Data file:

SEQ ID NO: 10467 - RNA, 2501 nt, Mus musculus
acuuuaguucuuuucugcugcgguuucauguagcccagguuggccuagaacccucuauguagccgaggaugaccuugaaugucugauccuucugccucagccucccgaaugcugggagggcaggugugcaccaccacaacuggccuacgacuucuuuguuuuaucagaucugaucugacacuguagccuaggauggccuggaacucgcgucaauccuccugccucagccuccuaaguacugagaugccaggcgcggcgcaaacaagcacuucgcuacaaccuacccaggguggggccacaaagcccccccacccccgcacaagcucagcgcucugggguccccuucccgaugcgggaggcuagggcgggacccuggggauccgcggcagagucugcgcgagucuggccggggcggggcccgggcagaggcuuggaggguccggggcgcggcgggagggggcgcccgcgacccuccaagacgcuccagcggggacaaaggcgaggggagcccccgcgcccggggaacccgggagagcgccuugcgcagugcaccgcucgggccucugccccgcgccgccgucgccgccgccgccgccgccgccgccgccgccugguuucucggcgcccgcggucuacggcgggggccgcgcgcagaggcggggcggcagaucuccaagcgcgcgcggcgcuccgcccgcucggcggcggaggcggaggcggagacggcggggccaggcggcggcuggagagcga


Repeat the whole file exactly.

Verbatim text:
SEQ ID NO: 10467 - RNA, 2501 nt, Mus musculus
acuuuaguucuuuucugcugcgguuucauguagcccagguuggccuagaacccucuauguagccgaggaugaccuugaaugucugauccuucugccucagccucccgaaugcugggagggcaggugugcaccaccacaacuggccuacgacuucuuuguuuuaucagaucugaucugacacuguagccuaggauggccuggaacucgcgucaauccuccugccucagccuccuaaguacugagaugccaggcgcggcgcaaacaagcacuucgcuacaaccuacccaggguggggccacaaagcccccccacccccgcacaagcucagcgcucugggguccccuucccgaugcgggaggcuagggcgggacccuggggauccgcggcagagucugcgcgagucuggccggggcggggcccgggcagaggcuuggaggguccggggcgcggcgggagggggcgcccgcgacccuccaagacgcuccagcggggacaaaggcgaggggagcccccgcgcccggggaacccgggagagcgccuugcgcagugcaccgcucgggccucugccccgcgccgccgucgccgccgccgccgccgccgccgccgccgccugguuucucggcgcccgcggucuacggcgggggccgcgcgcagaggcggggcggcagaucuccaagcgcgcgcggcgcuccgcccgcucggcggcggaggcggaggcggagacggcggggccaggcggcggcuggagagcga